I found miner’s lettuce in a seed catalog years ago when I was first shopping for winter greenhouse greens. Our attached greenhouse stays pretty warm, but it’s not heated. It goes to about 20 degrees on cloudy days midwinter, and I wanted something that could keep growing right through the coldest months.
Fedco seeds says that it “was the ’49ers green of choice, rich in calcium and vitamin C. Claytonia’s small heart-shaped leaves have a mild but succulent taste that we find attractive.
We add it regularly to our mesclun. Barbara Damrosch says it ‘re-grows like crazy so you can get cut after cut off the same plant.’ Cold-hardy through at least part of the Maine winter.”
Cold hardy through part of the Maine winter means that it’s cold hardy through all of the Vermont winter in an unheated greenhouse. We haven’t had to plant it in years since it prolifically self-seeds. Every year miner’s lettuce pops all on its own, sometimes in midwinter.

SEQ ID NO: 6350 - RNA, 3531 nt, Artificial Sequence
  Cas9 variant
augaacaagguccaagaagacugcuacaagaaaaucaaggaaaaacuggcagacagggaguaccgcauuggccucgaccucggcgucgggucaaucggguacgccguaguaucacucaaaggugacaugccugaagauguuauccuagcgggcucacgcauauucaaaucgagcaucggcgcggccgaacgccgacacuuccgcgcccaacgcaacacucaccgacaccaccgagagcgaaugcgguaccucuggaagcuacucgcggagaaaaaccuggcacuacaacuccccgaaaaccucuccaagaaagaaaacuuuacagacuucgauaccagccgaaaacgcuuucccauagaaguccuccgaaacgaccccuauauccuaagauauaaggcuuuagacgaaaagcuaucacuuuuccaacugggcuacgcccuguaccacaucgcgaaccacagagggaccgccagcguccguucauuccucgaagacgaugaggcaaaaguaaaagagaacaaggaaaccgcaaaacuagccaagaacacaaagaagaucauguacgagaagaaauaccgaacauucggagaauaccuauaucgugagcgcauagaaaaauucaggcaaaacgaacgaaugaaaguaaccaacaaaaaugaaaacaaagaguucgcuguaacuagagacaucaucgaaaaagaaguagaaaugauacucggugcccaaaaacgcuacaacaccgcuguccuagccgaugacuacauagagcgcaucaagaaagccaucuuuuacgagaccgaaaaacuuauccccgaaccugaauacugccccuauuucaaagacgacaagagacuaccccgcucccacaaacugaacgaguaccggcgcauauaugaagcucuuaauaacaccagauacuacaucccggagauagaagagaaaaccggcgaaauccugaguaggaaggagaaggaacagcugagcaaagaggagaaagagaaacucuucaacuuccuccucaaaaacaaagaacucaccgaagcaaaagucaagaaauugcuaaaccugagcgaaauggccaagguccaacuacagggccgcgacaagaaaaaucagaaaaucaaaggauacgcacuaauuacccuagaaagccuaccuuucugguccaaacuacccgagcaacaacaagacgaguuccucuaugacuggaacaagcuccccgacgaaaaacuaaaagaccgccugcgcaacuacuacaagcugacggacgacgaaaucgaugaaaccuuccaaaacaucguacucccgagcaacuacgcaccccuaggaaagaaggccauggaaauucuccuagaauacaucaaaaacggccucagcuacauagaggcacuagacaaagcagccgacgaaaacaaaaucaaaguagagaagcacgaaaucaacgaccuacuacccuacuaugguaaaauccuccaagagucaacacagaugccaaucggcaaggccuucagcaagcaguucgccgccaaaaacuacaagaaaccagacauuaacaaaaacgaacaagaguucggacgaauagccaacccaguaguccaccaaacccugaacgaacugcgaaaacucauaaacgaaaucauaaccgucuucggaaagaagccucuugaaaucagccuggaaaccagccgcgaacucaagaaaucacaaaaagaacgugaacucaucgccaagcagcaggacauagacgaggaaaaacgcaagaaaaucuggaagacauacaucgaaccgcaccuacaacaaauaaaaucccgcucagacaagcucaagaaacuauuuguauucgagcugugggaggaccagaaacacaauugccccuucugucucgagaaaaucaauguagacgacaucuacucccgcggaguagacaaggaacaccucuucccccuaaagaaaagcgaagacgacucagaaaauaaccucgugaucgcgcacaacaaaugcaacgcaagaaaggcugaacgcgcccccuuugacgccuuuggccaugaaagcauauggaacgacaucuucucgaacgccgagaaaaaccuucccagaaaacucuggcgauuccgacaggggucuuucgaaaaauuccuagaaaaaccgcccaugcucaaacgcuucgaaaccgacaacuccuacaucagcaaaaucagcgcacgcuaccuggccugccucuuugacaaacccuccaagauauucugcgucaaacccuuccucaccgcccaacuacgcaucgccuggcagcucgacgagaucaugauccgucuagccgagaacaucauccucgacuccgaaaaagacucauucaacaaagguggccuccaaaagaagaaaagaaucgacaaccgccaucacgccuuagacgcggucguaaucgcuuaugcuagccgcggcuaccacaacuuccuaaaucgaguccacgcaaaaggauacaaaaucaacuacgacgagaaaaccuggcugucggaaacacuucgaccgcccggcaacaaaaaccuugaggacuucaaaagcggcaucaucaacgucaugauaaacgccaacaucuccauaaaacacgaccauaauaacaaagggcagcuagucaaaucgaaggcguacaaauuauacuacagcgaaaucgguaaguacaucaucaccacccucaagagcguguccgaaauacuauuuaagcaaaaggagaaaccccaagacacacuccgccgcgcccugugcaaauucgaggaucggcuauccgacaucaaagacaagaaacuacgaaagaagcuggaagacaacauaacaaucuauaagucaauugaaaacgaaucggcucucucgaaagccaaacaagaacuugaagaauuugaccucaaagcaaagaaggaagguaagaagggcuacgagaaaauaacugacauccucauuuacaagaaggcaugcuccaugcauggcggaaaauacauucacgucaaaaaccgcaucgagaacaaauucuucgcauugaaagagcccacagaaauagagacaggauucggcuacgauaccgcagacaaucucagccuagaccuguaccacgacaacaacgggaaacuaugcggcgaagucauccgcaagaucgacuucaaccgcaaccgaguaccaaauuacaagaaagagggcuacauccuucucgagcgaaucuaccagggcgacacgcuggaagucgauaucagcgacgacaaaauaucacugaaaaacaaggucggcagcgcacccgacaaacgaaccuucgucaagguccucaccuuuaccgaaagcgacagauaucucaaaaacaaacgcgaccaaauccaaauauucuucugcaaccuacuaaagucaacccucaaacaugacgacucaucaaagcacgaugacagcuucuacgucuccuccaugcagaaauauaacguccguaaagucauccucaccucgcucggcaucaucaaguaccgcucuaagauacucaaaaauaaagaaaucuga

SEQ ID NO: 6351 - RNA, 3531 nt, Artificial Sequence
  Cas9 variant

If you live out west, you can forage miner’s lettuce in the winter rainy season. Thus the original name, miner’s lettuce, since it was used by the miners during the gold rush.
Honestly, I wouldn’t exactly class it with survival food or campfire beans. Claytonia is tasty, crisp and worth growing in your own garden to complement spring salads.
How to Grow Miner’s Lettuce
Spread seeds in rows 4 weeks before the last frost. Claytonia wants to get started early and will germinate in cold temperatures. If it doesn’t get started before everything else, it may have trouble beating out the weeds. Ideally, sow it as soon as the soil can be worked, along with your garden peas.